California Burns, and Other Stuff

The air quality has been awful the last 3 days, as Paradise burns. We’ve ridden our tandem there and it’s a beautiful ride (not easy riding up Honey Run but when you climb slow you see so much of your surroundings). I don’t know how this will affect the Chico Velo Wildflower ride in 2019. I pray and hope that people are safe. I donated some water and Target cards to them, and it’s not enough.

I waited until midmorning Saturday to take the dogs for their mostly daily walk. I wanted more warmth and less smoke; I was only half successful. It was eerily quiet, except for some jays scolding in the park.

As usual, I let the oldest dog pick the route, and Oliver followed his nose, looking for kitty roca. I foiled him (ew) and we were about 3 blocks from home when we encountered a lady unloading her SUV and called to her dog; as it came around another parked car in the driveway she called out the her dog was friendly. I said, “So are my guys,” and we stopped for sniffs.

EPIC FAIL. Loose pitbull, solid and twice Oliver’s weight, went for his throat. I threw down the leash, the lady tried to pull her dog off Oliver, I swore and kicked the dog once, to no avail, lady yelled at me to run away, but Oliver’s leash was wound around her legs, so no. We yelled, the dogs made awful noises, thankfully Teddy stayed behind me. It may have been seconds but felt longer. Finally Oliver was free and we walked 2 houses down so I could assess his injuries. The lady was using her weight to hold down her dog, and asked if I’d walk away. I angrily told her I needed to assess my dog’s injuries before I walked away. Oliver lost some neck hair but wasn’t bleeding,. I didn’t hasten my assessment, making sure he was sound before moving on. I told her if my dog was injured I’d be back, and she encouraged me to do so.

Oliver hustled home, not lame or showing pain, and once we were home I went over Oliver in much more detail. No blood, no punctures, probably just bruises. Finally the adrenaline subsided and I shed tears over that close encounter.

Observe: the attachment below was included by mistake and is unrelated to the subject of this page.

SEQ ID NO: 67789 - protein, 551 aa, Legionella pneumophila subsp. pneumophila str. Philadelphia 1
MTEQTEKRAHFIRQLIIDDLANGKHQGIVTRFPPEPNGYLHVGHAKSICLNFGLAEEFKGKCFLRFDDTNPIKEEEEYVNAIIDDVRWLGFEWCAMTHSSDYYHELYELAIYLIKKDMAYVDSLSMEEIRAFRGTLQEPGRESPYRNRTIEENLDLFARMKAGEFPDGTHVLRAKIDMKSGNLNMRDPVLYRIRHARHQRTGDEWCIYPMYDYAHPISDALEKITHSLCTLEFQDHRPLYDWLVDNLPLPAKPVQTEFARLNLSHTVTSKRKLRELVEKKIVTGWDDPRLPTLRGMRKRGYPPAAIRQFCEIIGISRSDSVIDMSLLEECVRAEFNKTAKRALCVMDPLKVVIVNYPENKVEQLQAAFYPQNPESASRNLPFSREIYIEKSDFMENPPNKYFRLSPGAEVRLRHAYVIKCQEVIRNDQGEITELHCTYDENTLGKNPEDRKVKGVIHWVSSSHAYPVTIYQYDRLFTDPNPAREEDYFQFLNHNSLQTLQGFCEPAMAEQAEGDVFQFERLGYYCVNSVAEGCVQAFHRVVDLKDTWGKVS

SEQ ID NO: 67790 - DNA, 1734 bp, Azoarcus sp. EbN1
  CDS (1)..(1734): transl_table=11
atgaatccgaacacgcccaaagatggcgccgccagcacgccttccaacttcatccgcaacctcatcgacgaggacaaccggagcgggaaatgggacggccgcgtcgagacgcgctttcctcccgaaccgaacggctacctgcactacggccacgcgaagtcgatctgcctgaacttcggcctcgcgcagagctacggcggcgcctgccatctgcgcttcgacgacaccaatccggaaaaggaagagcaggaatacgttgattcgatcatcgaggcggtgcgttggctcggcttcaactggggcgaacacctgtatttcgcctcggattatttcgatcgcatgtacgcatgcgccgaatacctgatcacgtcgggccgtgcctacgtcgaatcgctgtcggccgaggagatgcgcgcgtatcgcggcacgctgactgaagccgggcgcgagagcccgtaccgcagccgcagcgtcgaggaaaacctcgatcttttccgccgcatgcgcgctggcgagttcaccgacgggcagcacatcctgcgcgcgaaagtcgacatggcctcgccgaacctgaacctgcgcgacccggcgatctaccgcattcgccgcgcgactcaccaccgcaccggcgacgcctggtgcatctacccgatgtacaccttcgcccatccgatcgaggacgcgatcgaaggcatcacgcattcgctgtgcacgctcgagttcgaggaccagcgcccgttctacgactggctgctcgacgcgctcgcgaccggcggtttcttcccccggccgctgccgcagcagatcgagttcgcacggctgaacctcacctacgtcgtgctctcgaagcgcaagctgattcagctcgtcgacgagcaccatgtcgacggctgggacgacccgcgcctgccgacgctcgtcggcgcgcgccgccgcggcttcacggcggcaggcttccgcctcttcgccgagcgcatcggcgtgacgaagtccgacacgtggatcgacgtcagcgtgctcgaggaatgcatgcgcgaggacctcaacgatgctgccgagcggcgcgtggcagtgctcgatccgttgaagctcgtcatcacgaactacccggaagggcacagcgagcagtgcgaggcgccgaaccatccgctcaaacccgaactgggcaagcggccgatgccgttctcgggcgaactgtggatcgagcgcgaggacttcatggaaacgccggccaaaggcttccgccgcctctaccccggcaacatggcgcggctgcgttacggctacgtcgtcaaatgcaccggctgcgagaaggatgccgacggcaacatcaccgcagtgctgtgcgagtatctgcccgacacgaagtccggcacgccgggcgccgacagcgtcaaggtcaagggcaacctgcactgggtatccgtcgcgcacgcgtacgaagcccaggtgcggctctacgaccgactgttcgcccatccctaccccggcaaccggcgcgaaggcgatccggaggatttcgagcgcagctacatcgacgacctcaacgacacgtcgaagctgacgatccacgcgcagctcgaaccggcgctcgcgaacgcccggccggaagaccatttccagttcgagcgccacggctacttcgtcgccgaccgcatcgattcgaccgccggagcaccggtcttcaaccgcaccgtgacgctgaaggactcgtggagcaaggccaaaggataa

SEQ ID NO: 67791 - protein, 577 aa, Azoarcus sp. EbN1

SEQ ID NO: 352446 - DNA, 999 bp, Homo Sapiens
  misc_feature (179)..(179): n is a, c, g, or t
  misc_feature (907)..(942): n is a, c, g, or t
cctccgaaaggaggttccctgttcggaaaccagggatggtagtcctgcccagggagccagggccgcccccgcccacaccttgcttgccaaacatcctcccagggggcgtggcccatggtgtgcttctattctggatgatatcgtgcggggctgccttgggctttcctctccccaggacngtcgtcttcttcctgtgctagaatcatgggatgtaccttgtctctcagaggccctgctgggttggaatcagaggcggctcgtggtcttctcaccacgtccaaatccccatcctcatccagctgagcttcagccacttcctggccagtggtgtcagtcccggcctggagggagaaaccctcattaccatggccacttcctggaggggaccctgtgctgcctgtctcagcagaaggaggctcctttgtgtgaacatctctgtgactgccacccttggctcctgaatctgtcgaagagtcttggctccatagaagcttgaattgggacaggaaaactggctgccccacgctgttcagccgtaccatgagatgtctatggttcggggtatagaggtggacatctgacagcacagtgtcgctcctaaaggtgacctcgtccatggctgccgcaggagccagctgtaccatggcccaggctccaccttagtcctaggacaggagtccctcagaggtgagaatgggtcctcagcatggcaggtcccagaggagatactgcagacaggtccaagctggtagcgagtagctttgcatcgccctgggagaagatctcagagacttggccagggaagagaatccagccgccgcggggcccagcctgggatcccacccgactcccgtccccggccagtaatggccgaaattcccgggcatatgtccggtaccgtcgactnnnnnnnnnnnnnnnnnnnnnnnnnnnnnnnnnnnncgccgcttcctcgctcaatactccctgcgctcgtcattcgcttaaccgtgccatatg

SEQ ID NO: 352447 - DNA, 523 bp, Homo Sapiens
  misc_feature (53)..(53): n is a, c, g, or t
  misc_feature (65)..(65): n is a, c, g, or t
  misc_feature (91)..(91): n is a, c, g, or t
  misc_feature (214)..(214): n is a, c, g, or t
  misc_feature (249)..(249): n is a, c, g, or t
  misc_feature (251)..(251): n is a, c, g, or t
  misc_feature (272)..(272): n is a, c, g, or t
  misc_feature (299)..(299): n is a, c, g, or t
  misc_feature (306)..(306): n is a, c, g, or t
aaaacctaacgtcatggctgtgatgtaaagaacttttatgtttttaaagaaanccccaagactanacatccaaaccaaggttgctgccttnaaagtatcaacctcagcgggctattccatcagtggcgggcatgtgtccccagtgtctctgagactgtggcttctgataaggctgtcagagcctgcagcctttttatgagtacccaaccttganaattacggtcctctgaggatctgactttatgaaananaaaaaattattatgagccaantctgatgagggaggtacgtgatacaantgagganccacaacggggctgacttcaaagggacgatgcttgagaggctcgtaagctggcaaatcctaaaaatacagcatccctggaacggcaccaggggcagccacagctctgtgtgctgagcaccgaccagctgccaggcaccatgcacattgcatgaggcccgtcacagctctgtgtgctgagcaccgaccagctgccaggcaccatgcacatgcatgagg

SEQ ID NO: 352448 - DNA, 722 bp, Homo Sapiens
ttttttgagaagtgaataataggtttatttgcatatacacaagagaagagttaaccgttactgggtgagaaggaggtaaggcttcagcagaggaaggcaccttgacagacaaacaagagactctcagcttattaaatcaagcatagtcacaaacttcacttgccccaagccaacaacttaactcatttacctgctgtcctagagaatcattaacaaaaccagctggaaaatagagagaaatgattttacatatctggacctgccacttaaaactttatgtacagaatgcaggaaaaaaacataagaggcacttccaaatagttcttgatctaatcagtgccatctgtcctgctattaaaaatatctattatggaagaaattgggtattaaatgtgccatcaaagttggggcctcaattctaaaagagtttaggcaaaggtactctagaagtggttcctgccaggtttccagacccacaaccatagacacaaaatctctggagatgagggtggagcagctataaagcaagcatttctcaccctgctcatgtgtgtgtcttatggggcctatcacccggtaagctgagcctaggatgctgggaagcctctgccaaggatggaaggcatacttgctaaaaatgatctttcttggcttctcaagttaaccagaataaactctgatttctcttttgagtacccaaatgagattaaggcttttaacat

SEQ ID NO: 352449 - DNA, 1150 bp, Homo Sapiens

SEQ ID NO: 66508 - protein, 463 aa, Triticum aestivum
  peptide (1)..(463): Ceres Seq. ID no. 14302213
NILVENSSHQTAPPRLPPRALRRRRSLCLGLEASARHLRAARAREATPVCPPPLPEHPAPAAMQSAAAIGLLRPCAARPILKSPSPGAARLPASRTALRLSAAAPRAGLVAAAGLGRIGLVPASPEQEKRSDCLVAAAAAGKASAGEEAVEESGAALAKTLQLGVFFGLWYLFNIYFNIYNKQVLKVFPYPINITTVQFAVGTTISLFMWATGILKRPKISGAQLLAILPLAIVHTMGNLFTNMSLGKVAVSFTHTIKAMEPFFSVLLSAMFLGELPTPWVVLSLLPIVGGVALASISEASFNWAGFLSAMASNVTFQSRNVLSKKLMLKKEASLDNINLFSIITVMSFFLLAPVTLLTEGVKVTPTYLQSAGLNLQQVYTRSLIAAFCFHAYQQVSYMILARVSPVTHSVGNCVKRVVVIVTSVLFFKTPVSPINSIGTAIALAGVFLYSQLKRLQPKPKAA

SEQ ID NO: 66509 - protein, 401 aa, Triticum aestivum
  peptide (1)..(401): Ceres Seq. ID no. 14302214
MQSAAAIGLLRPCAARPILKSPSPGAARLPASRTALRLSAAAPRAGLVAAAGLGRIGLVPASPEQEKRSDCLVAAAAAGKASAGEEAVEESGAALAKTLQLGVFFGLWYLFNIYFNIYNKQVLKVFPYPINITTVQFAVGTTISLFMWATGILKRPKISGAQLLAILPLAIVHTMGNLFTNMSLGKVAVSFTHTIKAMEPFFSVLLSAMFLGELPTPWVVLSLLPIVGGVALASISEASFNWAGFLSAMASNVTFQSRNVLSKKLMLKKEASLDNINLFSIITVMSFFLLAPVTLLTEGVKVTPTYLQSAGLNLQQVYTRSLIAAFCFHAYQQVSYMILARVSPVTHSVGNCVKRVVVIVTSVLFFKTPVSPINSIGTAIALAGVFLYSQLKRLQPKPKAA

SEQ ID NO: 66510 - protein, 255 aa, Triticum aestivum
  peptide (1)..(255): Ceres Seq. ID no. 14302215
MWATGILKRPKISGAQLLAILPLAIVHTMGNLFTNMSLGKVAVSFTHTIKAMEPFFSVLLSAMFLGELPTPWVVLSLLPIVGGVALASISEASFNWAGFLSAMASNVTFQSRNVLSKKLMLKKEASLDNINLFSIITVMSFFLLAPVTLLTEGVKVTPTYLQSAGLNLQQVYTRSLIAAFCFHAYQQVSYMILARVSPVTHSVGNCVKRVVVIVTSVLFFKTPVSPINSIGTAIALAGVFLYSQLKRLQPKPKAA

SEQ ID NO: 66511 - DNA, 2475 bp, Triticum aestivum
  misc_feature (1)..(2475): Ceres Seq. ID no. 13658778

I ran errands later but did not return to that house. I still have not. I’m still angry that she said her dog was friendly and then that “friendly” dog attacked mine. Oliver is a solid canine good citizen, has been obedience-trained over a number of platforms, and has served as a therapy dog to distressed dogs. He doesn’t have an aggressive bone in his body, and that he was attacked, with his background, says more about the attacking dog than about Oliver.

After consulting family & fellow dog owners I’ve decided to deliver a note to the family (if they aren’t home when I go to their house) letting them know that Oliver is okay. I will also be filing a report with the police about this dog. That dog might be fine with their family, but how it behaved with Oliver is very concerning, and the public should know.

Saturday evening I gave Oliver a half of a Tramadol and a baby aspirin. Today he was active, spry, and moving as if he was Teddy’s age (18 mos.). I’m so happy about that!  Life is good.

The north wind has subsided, the smoke moved out, and I’m hopeful that Paradise isn’t burning anymore. On the one hand I feel sheepish about my dog’s assault by a pit bull, given that a lovely town 116 miles north of us has been burned to the ground.  On the other…is there another? I can be outraged at a pet owner while NorCal burns? How can life go on when life burns?

About debster822

A fulltime REALTOR who plays as hard as she works -- sometimes harder. I race my bicycles; some are faster than others. It's a good life!
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